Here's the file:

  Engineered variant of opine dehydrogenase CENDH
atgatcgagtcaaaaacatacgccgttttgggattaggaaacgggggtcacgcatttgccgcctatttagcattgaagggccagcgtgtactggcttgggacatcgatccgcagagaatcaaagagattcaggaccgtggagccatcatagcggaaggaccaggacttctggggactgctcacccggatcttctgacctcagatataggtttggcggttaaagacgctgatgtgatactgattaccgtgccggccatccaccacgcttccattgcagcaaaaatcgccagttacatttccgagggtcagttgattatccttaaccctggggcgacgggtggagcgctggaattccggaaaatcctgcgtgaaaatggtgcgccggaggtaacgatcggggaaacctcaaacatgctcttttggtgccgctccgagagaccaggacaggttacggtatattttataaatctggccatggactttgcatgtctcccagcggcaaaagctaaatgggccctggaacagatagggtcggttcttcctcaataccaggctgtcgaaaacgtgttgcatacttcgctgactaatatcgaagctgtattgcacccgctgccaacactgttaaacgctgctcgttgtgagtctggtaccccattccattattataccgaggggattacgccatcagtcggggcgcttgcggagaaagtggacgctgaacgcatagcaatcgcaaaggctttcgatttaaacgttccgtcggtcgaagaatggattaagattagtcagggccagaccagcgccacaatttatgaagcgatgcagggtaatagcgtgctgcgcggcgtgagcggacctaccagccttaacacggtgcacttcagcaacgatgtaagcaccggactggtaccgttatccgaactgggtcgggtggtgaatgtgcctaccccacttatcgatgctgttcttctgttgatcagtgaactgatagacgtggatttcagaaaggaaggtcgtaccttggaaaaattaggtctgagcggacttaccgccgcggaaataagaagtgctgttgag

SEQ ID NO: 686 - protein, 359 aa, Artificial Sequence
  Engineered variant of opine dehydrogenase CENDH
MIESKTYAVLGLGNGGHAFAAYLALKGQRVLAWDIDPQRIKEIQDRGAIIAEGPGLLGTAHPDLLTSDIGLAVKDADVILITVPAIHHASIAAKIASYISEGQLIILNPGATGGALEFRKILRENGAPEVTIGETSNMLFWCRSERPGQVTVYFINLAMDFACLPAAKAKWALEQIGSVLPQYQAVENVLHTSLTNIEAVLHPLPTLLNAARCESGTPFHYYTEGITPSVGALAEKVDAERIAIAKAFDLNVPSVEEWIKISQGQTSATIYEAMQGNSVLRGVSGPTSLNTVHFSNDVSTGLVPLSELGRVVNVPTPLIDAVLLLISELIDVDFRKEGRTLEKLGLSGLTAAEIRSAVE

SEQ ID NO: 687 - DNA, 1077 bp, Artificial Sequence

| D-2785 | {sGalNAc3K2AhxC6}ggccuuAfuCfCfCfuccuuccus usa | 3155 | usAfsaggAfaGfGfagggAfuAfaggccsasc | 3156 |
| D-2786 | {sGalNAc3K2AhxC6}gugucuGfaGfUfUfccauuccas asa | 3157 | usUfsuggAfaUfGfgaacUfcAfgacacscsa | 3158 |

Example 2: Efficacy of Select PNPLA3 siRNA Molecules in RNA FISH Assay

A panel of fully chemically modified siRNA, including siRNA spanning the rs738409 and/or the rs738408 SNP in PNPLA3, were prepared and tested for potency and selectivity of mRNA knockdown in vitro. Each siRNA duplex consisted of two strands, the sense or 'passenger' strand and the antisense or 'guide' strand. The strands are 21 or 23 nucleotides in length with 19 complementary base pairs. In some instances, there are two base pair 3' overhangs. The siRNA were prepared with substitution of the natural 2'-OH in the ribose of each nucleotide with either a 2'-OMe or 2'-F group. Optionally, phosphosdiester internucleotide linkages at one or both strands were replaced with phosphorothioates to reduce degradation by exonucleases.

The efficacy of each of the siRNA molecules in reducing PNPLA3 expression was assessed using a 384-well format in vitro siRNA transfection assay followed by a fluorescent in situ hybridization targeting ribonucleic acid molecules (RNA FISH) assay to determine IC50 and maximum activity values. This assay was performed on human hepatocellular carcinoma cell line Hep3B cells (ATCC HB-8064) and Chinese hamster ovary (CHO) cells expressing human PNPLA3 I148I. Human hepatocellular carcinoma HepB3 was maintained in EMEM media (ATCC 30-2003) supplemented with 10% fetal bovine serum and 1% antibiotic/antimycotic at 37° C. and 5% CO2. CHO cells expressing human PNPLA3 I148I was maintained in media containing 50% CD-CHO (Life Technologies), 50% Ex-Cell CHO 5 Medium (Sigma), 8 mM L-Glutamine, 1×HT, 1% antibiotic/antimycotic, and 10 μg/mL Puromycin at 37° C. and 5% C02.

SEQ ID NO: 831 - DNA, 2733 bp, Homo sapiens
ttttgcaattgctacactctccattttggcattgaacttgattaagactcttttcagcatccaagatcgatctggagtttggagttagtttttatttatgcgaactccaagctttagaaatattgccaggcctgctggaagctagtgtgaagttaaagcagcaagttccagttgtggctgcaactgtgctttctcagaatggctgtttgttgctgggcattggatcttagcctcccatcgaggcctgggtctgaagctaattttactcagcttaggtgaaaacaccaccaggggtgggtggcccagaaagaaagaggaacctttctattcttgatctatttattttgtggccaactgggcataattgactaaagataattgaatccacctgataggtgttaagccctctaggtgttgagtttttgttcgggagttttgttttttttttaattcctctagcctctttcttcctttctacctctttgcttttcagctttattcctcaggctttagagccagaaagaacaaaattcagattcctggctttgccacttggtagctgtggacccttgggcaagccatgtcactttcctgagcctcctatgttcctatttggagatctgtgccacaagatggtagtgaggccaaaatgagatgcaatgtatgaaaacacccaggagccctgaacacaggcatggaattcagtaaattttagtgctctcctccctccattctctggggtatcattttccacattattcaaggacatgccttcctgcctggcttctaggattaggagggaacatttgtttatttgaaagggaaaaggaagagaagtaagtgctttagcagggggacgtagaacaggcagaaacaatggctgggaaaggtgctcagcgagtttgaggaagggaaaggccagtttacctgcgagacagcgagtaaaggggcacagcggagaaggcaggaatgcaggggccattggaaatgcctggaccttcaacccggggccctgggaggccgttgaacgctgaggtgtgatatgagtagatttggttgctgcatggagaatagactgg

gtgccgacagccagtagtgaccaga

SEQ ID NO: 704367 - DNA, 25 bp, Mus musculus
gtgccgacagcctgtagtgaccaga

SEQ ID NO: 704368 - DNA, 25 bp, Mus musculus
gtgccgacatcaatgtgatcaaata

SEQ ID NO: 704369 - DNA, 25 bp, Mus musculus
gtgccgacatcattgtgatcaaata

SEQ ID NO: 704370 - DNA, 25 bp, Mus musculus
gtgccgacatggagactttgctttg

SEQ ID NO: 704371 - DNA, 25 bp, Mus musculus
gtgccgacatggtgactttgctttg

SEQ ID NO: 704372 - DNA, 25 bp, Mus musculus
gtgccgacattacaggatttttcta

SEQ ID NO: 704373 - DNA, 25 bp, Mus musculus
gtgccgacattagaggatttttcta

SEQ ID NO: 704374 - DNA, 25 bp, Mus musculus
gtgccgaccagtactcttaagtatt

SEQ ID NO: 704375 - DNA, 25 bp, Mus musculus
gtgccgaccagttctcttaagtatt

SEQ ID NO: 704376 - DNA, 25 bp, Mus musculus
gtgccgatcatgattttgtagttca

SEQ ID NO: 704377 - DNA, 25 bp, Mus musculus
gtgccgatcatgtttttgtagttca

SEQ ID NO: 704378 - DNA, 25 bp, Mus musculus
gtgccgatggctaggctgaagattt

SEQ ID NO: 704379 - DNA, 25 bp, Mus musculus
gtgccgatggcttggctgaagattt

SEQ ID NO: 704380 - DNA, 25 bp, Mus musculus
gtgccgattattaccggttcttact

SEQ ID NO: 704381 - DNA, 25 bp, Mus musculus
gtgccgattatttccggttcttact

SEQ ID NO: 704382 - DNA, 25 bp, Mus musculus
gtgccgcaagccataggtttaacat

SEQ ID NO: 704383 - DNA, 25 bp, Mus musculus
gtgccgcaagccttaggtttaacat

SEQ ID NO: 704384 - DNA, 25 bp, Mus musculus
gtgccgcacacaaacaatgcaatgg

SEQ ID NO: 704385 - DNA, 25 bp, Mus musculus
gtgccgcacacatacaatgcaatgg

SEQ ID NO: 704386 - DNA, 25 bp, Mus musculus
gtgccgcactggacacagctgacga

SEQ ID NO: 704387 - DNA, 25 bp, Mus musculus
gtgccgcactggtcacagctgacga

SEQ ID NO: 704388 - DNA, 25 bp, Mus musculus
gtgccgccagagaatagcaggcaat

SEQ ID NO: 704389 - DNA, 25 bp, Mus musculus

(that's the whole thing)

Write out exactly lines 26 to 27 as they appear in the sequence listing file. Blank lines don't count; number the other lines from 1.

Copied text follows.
gtgccgacattacaggatttttcta

SEQ ID NO: 704373 - DNA, 25 bp, Mus musculus